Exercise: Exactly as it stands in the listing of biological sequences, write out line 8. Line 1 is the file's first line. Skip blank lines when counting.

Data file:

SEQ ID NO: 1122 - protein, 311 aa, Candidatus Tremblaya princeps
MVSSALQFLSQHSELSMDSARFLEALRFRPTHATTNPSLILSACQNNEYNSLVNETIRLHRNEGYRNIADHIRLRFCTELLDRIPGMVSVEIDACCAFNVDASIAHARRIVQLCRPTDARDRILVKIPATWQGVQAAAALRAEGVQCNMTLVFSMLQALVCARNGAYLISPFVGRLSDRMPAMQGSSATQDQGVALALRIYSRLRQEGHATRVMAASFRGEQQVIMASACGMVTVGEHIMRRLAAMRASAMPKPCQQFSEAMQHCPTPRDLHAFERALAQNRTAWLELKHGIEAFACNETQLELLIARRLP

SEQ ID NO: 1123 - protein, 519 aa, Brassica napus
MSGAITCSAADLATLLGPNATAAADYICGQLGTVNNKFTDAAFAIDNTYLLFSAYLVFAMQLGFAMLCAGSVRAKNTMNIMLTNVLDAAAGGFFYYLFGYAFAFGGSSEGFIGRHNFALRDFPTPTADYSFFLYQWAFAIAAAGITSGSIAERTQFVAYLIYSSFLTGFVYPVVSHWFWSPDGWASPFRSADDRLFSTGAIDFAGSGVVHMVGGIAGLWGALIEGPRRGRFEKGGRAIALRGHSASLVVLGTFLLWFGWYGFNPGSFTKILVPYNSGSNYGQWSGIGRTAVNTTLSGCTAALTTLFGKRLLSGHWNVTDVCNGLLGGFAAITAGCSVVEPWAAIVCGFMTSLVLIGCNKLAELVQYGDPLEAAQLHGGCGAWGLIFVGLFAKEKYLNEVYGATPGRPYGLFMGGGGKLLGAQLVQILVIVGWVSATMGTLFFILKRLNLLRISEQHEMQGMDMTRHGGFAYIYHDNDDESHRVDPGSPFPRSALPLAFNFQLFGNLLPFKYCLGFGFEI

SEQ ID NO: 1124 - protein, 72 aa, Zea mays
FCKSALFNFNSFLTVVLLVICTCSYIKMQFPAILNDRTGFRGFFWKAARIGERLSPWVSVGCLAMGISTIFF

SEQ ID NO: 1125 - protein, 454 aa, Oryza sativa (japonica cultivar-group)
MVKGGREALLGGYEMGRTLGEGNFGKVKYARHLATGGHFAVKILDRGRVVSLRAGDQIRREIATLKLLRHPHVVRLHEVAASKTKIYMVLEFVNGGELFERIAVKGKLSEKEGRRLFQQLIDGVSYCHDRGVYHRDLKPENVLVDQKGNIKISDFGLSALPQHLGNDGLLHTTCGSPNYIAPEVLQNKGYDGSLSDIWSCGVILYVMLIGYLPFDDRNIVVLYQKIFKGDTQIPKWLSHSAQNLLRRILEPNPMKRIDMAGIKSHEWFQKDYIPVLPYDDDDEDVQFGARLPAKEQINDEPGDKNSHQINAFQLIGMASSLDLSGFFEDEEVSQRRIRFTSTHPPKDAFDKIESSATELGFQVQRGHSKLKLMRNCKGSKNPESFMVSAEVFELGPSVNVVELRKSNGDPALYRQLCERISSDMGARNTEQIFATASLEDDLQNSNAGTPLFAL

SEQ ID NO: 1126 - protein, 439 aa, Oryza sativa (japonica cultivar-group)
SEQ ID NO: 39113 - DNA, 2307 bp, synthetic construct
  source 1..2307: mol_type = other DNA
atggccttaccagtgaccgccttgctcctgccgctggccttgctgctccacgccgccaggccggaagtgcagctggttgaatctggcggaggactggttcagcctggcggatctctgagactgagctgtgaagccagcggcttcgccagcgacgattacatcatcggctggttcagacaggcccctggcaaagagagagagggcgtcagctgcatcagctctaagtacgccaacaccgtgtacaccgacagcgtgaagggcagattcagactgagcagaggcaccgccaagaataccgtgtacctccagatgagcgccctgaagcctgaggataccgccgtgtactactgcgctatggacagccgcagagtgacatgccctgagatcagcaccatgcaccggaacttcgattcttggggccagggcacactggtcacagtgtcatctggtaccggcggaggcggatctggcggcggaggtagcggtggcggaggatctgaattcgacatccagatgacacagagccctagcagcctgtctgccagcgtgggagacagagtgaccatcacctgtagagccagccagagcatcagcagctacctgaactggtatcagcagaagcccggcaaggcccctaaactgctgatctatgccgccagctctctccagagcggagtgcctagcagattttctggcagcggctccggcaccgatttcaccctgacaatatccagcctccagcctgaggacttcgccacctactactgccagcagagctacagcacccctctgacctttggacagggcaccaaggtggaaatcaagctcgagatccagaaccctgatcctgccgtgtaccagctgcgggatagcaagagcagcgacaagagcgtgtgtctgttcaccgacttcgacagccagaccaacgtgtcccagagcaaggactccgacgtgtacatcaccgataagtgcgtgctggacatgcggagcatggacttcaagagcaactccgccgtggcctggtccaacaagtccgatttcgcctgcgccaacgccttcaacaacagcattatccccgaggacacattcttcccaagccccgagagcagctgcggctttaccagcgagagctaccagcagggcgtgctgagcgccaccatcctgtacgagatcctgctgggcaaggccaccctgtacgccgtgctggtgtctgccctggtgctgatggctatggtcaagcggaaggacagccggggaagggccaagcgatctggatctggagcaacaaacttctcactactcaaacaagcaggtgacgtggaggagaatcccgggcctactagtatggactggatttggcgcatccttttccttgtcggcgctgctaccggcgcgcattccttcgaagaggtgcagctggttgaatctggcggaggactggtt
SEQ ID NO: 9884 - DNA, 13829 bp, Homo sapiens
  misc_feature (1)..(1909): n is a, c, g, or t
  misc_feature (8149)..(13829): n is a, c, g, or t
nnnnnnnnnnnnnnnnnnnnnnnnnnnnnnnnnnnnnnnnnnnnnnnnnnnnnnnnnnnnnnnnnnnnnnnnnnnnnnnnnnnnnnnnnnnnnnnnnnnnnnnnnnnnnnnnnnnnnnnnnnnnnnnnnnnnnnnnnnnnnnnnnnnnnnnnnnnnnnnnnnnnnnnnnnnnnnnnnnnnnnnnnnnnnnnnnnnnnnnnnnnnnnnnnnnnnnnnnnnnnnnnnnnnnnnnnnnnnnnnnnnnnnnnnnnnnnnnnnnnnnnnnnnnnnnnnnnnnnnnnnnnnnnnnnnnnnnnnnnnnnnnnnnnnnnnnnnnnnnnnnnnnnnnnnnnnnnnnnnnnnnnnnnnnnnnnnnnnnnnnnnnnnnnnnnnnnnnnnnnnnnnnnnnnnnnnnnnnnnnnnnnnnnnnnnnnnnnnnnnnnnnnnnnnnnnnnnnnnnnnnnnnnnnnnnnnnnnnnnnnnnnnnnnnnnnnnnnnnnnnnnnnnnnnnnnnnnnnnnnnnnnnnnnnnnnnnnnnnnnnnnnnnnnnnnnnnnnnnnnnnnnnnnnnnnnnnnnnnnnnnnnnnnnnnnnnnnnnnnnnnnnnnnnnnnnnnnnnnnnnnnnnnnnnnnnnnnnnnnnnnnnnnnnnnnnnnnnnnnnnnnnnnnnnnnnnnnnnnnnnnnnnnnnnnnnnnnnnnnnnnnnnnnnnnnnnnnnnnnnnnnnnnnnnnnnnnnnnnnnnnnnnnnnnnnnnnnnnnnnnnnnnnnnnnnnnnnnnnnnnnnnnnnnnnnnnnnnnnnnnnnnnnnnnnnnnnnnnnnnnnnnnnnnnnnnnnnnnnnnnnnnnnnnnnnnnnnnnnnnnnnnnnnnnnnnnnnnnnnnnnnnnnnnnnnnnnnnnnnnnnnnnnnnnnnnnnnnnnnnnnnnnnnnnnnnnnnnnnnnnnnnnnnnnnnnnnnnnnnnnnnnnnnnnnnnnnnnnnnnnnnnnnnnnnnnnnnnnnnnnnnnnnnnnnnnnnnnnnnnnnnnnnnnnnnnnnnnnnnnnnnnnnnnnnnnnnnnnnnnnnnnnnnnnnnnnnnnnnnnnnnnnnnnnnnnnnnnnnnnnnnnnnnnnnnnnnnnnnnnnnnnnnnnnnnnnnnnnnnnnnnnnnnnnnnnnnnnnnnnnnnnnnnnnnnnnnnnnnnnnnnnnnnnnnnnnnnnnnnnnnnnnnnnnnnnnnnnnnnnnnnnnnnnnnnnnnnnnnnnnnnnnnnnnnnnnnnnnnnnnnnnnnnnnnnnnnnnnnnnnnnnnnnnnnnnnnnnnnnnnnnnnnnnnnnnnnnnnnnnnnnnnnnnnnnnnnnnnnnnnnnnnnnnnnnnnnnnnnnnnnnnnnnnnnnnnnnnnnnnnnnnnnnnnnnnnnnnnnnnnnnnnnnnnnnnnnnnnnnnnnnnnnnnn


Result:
MVKGGREALLGGYEMGRTLGEGNFGKVKYARHLATGGHFAVKILDRGRVVSLRAGDQIRREIATLKLLRHPHVVRLHEVAASKTKIYMVLEFVNGGELFERIAVKGKLSEKEGRRLFQQLIDGVSYCHDRGVYHRDLKPENVLVDQKGNIKISDFGLSALPQHLGNDGLLHTTCGSPNYIAPEVLQNKGYDGSLSDIWSCGVILYVMLIGYLPFDDRNIVVLYQKIFKGDTQIPKWLSHSAQNLLRRILEPNPMKRIDMAGIKSHEWFQKDYIPVLPYDDDDEDVQFGARLPAKEQINDEPGDKNSHQINAFQLIGMASSLDLSGFFEDEEVSQRRIRFTSTHPPKDAFDKIESSATELGFQVQRGHSKLKLMRNCKGSKNPESFMVSAEVFELGPSVNVVELRKSNGDPALYRQLCERISSDMGARNTEQIFATASLEDDLQNSNAGTPLFAL